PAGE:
Militants ambushed a convoy of 60 tanker trucks heading to Baghdad from Iraq's largest refinery Wednesday, destroying four of the vehicles and damaging 15 others, police said.

The attack, by insurgents with rocket-propelled grenades and machine guns, came after the Beiji refinery had reopened Sunday after being closed since Dec. 18 because of threats against tanker drivers. The drivers began carrying fuel again this week after the government promised extra protection for the convoys.

Three Iraqi army vehicles, which had been guarding the convoy, were also destroyed in the attack about 25 miles north of Baghdad, police Lt. Abdul Zahra Qassim said.

A militant group, the Islamic army in Iraq, claimed responsibility. The claim was posted on an Internet site commonly used by militant groups and could not be independently verified.

The claim said the group attacked "a convoy of tanker trucks and managed to burn and destroy 20 tankers. This was followed by the destruction of troops who were sent to rescue the tankers at Mishahida."

Iraq's Cabinet said Monday the Beiji refinery had resumed supplies to Baghdad and other cities after the Iraqi army sent more troops to guard the tanker trucks.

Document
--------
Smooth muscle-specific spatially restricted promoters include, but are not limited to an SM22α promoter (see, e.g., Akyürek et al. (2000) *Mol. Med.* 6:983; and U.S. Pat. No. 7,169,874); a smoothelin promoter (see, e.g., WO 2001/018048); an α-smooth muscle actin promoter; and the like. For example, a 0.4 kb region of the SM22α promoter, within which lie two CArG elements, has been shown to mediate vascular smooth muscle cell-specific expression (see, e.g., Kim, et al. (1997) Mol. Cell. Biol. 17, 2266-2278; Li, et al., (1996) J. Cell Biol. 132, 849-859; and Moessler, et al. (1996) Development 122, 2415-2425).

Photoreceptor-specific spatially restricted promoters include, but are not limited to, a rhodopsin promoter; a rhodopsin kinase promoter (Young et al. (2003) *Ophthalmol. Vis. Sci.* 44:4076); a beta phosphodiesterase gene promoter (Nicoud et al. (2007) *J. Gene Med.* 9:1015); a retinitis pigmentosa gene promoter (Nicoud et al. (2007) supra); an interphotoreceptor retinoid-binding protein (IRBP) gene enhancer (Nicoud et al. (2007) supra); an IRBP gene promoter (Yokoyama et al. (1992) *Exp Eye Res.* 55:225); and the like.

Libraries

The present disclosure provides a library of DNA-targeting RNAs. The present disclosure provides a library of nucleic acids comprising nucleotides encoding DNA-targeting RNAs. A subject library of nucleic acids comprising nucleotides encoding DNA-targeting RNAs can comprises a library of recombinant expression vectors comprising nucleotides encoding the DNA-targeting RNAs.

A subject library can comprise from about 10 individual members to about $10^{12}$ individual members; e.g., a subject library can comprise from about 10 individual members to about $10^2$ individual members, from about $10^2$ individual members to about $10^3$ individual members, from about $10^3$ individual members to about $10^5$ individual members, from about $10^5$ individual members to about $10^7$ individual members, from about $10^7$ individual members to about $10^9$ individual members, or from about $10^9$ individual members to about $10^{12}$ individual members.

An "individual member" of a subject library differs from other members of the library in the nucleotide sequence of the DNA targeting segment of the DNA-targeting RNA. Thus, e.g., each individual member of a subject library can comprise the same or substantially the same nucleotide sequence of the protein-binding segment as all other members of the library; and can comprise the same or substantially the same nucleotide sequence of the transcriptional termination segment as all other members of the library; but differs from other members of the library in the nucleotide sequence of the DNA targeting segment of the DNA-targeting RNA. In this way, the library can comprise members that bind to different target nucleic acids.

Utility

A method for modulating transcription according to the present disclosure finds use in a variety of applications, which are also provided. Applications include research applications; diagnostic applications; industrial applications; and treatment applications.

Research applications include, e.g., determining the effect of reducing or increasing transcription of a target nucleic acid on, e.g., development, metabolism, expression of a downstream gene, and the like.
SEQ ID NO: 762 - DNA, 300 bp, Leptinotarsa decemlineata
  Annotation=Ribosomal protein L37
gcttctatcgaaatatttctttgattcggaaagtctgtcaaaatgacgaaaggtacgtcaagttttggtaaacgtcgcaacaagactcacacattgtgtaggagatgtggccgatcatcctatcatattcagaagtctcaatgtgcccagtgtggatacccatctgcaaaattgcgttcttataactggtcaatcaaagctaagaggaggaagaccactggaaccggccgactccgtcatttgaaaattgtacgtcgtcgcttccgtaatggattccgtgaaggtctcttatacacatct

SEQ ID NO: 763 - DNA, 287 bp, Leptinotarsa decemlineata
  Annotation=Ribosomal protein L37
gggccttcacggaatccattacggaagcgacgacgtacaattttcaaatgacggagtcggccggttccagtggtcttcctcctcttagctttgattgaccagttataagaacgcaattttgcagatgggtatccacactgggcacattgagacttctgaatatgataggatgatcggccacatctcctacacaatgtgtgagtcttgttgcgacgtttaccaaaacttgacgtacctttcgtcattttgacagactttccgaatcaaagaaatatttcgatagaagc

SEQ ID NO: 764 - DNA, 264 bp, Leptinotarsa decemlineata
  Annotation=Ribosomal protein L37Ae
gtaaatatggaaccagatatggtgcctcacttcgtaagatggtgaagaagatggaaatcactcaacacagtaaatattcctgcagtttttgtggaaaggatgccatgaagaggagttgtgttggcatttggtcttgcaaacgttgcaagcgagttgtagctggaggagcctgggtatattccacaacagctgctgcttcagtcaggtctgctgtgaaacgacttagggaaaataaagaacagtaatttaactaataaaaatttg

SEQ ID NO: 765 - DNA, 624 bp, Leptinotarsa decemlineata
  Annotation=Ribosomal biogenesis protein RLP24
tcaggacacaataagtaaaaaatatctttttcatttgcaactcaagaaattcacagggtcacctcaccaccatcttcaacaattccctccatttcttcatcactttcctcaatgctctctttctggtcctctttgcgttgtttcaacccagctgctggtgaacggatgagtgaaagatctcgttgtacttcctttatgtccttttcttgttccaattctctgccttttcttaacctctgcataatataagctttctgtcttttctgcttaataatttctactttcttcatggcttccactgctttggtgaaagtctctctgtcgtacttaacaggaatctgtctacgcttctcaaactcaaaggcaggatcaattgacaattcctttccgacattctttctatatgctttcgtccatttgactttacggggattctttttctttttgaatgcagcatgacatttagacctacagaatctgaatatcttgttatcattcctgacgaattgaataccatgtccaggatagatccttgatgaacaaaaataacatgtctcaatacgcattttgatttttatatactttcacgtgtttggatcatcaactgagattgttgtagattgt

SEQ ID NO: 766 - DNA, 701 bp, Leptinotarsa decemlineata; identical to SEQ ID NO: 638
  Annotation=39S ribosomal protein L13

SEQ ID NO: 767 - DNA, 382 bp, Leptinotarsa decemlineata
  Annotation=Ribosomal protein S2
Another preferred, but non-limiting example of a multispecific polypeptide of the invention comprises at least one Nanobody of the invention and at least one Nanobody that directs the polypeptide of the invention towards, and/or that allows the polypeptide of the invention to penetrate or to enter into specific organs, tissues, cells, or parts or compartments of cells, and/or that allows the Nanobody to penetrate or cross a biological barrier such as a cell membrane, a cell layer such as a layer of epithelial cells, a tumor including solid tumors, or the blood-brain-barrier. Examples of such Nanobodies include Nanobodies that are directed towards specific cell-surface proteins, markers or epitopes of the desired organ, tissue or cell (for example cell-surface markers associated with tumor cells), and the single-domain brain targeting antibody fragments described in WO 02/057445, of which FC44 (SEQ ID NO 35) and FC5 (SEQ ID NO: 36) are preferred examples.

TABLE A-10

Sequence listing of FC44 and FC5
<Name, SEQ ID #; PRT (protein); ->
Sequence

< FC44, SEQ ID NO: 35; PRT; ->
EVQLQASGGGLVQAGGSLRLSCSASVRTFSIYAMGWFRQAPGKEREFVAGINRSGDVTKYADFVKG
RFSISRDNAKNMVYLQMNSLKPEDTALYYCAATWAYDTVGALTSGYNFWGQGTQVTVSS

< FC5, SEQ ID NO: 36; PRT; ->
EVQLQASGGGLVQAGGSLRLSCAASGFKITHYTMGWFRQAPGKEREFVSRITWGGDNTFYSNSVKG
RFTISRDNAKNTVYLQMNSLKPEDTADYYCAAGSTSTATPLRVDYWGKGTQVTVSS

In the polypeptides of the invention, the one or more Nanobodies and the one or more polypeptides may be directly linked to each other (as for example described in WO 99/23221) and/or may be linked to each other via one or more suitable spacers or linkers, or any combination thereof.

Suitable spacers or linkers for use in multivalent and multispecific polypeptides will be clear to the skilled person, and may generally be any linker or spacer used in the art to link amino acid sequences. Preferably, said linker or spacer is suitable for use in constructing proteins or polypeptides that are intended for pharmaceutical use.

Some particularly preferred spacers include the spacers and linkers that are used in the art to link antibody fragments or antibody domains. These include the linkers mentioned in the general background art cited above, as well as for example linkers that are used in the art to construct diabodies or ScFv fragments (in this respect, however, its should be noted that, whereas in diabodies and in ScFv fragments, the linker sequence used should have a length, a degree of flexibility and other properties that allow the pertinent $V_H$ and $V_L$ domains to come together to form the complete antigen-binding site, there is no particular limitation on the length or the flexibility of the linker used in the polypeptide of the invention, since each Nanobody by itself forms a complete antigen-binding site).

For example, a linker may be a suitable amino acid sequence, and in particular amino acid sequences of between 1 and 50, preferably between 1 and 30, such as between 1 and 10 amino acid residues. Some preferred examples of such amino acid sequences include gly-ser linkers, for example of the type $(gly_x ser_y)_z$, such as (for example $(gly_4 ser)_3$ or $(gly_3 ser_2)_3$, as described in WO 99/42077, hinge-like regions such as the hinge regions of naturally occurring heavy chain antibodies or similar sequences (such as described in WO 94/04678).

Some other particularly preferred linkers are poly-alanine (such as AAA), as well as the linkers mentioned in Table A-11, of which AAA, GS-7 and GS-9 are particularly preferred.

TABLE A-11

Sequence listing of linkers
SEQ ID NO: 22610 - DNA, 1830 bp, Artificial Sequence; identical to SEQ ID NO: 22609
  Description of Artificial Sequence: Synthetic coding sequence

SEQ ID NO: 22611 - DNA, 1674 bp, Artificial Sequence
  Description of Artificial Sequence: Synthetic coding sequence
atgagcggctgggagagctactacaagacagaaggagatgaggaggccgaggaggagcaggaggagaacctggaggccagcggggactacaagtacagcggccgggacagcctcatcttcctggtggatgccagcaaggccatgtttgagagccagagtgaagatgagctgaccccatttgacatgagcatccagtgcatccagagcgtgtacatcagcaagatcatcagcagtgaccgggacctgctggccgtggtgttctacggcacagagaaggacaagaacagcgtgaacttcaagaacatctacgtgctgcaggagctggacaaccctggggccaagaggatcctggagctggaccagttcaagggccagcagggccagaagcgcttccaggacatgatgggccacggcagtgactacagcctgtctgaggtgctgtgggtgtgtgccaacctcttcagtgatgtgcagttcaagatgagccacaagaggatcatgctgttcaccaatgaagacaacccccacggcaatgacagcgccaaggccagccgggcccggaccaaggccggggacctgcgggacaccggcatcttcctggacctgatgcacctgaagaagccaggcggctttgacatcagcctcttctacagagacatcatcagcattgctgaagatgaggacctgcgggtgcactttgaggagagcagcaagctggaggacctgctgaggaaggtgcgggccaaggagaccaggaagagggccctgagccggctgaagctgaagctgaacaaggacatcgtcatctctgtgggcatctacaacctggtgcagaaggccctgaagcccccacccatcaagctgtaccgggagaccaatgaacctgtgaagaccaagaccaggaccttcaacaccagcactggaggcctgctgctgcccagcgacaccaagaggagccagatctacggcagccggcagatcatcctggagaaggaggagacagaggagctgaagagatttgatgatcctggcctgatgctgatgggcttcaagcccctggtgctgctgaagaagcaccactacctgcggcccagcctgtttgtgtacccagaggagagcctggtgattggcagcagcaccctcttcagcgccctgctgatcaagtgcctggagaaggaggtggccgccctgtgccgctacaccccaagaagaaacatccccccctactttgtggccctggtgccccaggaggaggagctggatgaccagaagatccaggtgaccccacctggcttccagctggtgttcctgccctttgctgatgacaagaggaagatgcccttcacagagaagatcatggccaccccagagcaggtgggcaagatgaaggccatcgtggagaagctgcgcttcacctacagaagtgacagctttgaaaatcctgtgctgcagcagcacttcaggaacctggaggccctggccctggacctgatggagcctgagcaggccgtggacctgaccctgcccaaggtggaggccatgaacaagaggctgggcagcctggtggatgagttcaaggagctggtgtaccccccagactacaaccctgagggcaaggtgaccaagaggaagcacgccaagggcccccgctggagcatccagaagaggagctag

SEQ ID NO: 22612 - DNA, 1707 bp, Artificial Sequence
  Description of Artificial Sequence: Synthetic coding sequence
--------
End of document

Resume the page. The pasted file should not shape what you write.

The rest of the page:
The Beiji closure contributed to a fuel crisis caused by an acute shortage due to Iraq's decreased refinery capacity. The crisis was compounded by government decision Dec. 18 to increase fuel prices and abolish some subsidies for oil products.

The area near Beiji, 155 miles north of Baghdad, has in the past been a hotbed of the insurgency. The town is near Tikrit, Saddam Hussein's hometown and the region where the former leader was arrested two years ago.

At least one tanker was attacked with a roadside bomb earlier in the day just outside Tikrit and AP Television News video showed it awash in flames.

On Tuesday , U.S. aircraft bombed a building near Beiji where suspected insurgents were hiding, killing seven people.

The U.S. military said an unmanned aircraft spotted three people planting a roadside bomb Monday night near the town and that Navy F-14s were called in. The three left the road site and were traced to a nearby building — which was destroyed.

It was unclear if Wednesday's attack on the tankers would again lead to a closure of the Beiji refinery.

Price increases and shortages last week led to the resignation of the oil minister, protests in many cities and riots in oil-rich Kirkuk, where police shot and killed four people Sunday as demonstrators burned down a fuel station.

Iraq oil exports have fared no better, and in December hit their lowest ever level since the war. Only 34.4 million barrels were exported last month, or about 1.1 million barrels per day — the lowest average since Iraq resumed exports after the U.S.-led invasion in March 2003.

Almost all the oil was exported from Iraq's southern oil terminals because of continuing sabotage of the country's northern oil facilities.